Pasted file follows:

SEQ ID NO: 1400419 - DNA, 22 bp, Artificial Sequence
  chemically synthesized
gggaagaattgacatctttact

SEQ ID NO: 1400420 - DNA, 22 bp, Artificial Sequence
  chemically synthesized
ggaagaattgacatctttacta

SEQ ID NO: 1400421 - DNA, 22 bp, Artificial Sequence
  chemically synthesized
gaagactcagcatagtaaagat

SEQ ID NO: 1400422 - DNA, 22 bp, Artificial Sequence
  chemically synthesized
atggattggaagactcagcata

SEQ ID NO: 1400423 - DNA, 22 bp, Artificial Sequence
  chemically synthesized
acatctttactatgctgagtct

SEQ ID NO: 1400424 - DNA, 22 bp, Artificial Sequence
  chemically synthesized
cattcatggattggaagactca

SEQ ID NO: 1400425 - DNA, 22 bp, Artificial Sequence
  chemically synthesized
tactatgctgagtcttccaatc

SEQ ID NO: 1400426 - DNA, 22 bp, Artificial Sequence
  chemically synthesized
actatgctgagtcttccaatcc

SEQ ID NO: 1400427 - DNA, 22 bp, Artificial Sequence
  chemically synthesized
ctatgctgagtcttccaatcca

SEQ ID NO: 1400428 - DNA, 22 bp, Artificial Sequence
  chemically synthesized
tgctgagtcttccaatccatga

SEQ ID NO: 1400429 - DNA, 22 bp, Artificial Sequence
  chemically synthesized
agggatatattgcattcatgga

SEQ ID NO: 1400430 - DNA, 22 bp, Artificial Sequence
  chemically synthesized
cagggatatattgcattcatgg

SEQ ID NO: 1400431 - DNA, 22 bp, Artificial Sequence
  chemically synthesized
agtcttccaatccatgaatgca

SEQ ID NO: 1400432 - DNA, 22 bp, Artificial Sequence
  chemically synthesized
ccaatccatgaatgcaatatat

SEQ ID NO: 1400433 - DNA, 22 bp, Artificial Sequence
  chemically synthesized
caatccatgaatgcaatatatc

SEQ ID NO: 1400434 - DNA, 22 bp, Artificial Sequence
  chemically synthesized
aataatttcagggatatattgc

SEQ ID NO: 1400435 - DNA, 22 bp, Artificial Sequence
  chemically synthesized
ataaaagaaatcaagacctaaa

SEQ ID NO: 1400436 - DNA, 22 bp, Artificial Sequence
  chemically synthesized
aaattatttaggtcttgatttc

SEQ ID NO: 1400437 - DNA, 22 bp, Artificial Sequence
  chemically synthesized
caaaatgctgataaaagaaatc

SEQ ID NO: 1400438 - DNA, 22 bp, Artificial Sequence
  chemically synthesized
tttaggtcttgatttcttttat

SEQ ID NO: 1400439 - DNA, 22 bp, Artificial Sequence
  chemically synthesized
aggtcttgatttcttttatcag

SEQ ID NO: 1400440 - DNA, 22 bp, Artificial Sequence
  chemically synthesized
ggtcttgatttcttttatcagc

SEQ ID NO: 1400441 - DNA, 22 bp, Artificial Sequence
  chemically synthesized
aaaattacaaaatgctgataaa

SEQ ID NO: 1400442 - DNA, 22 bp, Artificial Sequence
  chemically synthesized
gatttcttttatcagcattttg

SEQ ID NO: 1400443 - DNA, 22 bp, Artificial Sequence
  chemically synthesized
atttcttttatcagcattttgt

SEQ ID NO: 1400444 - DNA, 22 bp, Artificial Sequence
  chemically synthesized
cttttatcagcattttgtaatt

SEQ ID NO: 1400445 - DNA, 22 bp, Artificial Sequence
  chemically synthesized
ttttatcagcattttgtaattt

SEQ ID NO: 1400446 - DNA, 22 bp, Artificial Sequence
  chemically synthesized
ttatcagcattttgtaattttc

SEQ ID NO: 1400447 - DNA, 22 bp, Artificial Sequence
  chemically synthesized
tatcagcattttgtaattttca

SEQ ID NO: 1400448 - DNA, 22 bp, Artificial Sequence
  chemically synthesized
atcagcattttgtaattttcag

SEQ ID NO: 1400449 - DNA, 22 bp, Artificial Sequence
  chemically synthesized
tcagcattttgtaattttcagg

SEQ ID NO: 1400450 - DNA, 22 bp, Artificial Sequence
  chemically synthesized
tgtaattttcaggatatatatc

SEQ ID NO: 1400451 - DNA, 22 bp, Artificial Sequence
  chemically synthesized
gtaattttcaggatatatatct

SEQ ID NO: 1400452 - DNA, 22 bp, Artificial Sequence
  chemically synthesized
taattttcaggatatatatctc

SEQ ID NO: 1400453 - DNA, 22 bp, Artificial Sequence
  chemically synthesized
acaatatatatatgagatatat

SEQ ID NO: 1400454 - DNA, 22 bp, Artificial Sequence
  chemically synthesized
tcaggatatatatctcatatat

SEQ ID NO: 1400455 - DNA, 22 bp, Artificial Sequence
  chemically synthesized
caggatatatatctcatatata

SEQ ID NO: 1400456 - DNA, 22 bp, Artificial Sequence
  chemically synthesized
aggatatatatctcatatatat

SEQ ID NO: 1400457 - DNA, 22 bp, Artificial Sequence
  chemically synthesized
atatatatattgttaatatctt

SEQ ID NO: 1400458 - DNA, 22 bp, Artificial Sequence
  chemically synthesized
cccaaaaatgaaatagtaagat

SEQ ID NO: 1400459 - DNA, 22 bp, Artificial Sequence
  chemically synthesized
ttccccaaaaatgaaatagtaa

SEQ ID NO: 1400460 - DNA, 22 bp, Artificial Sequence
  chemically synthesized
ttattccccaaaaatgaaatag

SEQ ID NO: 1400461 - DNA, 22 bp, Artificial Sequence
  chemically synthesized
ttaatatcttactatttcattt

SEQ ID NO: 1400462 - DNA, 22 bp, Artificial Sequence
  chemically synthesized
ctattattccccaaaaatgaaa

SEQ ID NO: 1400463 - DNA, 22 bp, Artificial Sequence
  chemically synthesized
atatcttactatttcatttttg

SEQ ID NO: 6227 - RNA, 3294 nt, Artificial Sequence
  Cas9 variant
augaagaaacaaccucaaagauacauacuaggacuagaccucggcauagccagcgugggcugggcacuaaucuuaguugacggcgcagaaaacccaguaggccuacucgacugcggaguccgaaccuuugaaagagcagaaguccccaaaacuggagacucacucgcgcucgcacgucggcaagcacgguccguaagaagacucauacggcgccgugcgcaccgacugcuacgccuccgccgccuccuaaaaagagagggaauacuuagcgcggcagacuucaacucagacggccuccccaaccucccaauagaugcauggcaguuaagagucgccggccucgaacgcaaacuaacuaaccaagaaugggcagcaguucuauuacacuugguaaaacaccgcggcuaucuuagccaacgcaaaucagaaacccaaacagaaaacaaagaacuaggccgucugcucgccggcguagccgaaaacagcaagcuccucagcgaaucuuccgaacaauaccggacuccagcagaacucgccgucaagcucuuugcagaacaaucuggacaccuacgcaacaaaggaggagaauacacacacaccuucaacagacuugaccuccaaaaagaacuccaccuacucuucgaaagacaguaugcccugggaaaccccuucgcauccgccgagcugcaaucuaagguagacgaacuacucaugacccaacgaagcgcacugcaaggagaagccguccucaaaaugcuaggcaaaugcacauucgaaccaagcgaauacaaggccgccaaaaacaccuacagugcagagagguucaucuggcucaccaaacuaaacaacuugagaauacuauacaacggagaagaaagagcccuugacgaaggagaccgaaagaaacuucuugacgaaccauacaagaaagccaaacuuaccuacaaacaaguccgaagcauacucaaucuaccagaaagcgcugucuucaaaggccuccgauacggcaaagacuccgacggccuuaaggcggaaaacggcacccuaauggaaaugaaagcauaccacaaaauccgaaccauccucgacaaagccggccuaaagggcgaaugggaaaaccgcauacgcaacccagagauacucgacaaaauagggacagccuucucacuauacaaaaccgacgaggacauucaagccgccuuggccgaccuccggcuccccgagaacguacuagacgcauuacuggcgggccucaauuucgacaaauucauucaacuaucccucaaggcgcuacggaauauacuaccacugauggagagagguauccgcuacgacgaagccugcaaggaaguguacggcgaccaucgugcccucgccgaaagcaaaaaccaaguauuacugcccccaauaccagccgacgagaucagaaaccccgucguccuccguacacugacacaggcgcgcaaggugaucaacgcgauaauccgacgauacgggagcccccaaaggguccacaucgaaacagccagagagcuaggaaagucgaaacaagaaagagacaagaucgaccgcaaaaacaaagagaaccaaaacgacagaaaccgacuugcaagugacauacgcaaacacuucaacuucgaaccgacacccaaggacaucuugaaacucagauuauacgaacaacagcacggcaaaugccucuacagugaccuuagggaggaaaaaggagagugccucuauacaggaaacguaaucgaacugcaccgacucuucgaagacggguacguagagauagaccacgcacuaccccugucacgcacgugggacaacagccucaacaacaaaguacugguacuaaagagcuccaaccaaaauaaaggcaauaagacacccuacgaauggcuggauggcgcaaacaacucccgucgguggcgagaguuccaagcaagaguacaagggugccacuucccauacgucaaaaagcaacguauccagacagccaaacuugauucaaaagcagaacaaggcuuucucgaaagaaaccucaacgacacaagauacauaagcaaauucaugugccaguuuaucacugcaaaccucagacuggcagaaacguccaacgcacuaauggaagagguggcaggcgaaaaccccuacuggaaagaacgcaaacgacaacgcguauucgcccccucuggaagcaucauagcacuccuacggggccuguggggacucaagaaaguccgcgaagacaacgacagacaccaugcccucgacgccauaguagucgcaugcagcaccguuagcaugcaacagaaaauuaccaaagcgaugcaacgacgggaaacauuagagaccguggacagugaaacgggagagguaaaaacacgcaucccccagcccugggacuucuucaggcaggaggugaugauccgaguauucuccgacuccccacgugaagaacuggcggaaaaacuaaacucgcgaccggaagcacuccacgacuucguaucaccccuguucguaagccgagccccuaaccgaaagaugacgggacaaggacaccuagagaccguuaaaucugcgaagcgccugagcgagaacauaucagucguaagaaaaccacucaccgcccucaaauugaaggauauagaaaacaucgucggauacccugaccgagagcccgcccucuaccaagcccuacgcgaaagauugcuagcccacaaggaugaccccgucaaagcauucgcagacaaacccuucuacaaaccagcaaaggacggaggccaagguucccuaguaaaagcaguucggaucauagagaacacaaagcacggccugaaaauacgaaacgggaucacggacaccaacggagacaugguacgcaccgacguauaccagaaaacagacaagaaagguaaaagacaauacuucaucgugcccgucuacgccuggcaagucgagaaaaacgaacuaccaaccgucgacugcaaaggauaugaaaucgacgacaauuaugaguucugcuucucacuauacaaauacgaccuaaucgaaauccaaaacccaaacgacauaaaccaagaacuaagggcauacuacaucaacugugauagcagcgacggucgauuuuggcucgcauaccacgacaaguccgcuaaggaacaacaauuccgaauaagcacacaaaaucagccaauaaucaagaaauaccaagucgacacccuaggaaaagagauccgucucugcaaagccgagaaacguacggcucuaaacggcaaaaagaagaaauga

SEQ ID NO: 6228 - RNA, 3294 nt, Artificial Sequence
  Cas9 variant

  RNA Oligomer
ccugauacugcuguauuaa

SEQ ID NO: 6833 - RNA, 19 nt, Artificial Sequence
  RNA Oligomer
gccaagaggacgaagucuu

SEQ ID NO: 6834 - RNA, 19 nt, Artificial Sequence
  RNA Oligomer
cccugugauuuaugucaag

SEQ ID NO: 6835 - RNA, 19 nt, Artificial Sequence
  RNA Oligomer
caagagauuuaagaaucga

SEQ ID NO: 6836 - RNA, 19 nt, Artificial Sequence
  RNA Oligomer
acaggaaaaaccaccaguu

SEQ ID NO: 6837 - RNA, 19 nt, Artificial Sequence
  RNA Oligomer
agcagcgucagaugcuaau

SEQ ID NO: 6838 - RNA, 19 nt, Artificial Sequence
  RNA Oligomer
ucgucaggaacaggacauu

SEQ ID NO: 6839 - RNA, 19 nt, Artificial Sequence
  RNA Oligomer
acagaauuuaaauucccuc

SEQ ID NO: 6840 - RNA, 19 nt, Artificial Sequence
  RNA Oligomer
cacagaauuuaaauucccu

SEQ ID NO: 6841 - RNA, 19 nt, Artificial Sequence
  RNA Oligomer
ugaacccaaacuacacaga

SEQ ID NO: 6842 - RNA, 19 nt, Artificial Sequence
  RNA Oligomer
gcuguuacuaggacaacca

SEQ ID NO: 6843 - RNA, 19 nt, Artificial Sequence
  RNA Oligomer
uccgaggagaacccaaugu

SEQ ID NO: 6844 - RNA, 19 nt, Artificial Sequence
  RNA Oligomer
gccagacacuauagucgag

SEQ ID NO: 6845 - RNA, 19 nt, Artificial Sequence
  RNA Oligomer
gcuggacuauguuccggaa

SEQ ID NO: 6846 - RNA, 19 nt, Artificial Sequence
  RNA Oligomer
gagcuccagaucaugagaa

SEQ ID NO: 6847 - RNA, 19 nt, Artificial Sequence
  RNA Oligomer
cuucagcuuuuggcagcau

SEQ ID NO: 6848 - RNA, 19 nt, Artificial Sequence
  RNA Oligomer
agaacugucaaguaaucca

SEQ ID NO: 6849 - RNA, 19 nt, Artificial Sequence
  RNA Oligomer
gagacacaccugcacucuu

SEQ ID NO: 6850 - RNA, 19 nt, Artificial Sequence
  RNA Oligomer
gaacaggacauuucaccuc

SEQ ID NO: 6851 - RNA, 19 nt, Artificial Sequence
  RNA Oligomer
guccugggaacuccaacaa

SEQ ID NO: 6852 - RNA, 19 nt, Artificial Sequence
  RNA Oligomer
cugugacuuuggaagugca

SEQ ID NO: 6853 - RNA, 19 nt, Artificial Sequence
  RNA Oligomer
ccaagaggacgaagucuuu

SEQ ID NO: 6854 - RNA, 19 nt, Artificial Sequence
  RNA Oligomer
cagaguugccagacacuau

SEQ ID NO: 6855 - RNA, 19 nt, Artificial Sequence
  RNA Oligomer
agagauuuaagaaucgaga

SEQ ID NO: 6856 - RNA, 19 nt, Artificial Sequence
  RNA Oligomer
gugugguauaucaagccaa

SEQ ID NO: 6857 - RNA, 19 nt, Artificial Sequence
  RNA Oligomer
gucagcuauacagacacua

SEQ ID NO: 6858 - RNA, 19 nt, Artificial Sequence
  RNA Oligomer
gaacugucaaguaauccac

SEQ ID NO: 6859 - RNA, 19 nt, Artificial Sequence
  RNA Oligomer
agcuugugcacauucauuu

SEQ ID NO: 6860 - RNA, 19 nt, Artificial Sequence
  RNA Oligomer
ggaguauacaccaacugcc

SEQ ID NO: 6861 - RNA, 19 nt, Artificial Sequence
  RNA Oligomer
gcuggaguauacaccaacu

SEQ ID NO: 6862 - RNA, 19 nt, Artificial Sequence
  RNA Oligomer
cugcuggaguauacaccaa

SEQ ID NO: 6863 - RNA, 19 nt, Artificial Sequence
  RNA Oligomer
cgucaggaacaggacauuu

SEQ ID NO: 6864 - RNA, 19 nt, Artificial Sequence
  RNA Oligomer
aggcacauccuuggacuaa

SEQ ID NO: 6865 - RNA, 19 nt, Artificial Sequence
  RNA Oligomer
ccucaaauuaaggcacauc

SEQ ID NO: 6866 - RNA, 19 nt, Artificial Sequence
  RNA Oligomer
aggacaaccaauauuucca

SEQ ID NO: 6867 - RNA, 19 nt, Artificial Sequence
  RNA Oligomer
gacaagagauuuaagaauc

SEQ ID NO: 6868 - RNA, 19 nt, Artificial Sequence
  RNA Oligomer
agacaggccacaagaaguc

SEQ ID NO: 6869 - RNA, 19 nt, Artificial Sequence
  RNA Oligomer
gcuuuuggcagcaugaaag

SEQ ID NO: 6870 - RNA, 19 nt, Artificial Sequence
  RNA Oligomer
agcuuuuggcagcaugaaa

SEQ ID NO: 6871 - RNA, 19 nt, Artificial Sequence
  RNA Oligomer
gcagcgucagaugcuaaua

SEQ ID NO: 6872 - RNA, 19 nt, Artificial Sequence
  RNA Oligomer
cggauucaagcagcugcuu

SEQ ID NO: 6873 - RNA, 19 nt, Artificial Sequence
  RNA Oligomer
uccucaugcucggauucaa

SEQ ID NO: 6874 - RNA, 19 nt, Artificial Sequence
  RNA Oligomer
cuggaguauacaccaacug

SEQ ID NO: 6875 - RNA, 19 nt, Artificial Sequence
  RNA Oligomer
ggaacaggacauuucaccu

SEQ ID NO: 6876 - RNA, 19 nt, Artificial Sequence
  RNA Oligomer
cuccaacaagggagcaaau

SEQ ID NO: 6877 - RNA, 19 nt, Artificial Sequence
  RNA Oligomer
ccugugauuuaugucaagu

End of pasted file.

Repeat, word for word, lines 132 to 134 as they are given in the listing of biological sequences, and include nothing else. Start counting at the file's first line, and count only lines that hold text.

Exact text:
ctattattccccaaaaatgaaa

SEQ ID NO: 1400463 - DNA, 22 bp, Artificial Sequence
  chemically synthesized